Tran says the breakdown of Asian ethnicity data can be strengthened by adding pan-ethnic categories, for example South Asian, Southeast Asian and East Asian. 

A disaggregation like this would help, Tran said, because of the role skin color plays in discrimination, and it would also help in understanding the experiences of minority Asian Americans. 

“There’s often the perception that Asian Americans are highly achieving, faring well socially, economically, and therefore they do not need any help or support,” he said. “But that perception is false … By not disaggregating the Asian category, we’re doing a disservice to the groups that are smaller and more disadvantaged.” 

Continue Reading
Click to comment

Leave a Reply

Your email address will not be published.


Pop mogul Simon Cowell was a racing flop with ‘awful’ £35,000 horse he owned with Ant and Dec – that didn’t win a penny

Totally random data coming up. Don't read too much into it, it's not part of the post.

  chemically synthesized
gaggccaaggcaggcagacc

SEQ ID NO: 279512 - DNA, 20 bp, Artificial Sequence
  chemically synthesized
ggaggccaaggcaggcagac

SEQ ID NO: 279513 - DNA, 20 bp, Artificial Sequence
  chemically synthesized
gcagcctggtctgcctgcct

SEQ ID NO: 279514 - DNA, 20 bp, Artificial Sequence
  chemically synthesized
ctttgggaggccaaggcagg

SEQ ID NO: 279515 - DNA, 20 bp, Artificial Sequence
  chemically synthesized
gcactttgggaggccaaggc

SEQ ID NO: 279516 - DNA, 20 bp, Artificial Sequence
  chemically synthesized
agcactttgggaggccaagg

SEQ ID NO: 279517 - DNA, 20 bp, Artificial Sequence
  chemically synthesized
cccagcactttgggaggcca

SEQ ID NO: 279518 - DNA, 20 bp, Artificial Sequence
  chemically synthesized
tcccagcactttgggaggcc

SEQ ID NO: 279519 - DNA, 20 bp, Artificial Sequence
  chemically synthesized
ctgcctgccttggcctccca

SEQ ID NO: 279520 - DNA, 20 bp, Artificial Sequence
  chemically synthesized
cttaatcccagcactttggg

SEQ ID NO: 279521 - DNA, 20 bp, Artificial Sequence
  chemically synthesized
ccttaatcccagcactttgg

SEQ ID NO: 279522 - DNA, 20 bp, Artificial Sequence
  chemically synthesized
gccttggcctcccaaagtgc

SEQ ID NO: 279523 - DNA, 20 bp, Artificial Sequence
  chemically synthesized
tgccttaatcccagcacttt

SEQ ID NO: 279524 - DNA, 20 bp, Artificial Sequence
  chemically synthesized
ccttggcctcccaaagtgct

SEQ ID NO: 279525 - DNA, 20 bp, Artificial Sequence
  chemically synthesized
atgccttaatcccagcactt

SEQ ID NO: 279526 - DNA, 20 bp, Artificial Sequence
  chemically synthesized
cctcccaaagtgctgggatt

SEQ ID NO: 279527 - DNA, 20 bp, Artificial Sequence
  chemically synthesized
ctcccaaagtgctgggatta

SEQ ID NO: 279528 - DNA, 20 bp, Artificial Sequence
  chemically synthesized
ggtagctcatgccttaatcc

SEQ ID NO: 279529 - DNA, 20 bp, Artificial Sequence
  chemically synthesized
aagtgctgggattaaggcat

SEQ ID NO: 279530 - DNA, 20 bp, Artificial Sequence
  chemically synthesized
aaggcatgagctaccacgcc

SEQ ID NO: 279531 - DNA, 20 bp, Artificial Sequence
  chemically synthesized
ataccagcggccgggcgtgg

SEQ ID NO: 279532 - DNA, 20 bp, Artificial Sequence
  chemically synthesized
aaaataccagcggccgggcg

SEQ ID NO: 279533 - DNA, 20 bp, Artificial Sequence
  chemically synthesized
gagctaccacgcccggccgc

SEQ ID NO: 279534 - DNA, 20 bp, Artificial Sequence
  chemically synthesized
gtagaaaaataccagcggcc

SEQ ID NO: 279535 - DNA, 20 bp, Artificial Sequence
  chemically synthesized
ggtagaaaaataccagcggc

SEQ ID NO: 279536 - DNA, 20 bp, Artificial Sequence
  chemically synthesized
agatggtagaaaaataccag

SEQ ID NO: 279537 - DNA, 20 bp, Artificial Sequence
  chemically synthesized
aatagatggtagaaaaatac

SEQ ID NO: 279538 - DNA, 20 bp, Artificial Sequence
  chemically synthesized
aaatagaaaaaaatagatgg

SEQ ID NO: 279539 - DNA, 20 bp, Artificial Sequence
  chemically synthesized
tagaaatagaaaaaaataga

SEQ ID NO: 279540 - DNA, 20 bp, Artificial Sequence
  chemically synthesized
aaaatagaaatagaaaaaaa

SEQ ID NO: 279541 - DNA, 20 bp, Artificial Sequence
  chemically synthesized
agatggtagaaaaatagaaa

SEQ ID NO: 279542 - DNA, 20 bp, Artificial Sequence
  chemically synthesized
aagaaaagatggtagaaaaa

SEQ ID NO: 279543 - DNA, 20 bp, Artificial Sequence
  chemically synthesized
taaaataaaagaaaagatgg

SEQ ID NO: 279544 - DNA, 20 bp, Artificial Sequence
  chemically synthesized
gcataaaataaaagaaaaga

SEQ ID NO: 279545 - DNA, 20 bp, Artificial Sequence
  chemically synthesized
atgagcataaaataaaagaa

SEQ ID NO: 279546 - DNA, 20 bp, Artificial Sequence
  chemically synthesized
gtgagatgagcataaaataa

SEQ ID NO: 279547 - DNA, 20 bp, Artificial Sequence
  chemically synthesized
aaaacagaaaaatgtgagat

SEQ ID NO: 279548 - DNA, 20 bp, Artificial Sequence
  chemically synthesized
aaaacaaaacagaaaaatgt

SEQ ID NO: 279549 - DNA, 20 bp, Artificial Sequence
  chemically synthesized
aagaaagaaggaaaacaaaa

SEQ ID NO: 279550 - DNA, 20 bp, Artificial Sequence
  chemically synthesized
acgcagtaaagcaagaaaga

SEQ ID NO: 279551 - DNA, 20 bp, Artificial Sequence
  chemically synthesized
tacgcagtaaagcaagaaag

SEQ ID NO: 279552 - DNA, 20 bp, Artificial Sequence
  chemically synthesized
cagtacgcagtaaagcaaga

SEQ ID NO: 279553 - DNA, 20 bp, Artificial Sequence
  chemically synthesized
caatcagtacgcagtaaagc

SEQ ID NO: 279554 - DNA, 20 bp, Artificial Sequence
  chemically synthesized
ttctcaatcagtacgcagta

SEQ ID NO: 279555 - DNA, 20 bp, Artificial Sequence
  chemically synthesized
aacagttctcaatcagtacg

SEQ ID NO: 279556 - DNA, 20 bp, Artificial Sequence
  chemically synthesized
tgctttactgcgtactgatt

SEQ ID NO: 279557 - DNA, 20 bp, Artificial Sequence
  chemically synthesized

SIMON COWELL conquered the music world – but his foray into racing ended in disaster with an ‘awful’ £35,000 horse he owned with Ant and Dec.

The music mogul, 62, has done it all with bands like One Direction, Little Mix and solo acts Olly Murs and James Arthur, to name but a few.

Cowell owned an 'awful' £35,000 horse with Ant and Dec - but the runner didn't win a single penny in six races


Cowell owned an ‘awful’ £35,000 horse with Ant and Dec – but the runner didn’t win a single penny in six racesCredit: PA:Press Association
Cowell remains a massive racing fan and loves Royal Ascot and the Epsom Derby


Cowell remains a massive racing fan and loves Royal Ascot and the Epsom Derby

His Syco label – plus shows such as Britain’s Got Talent – have dominated the entertainment industry and brought him an estimated net worth of £385m.

A lover of Royal Ascot and the Epsom Derby, he looked perfectly poised to strike a knockout blow in the world of thoroughbreds.

But it turns out his runner was far from No1 in the charts – and never even finished better than fifth during a doomed six-race career.

Things looked promising at the start.

Named It’s A Yes From Me, the runner was trained with the respected James Fanshawe and sent off at 8-1 for his first race in June 2014.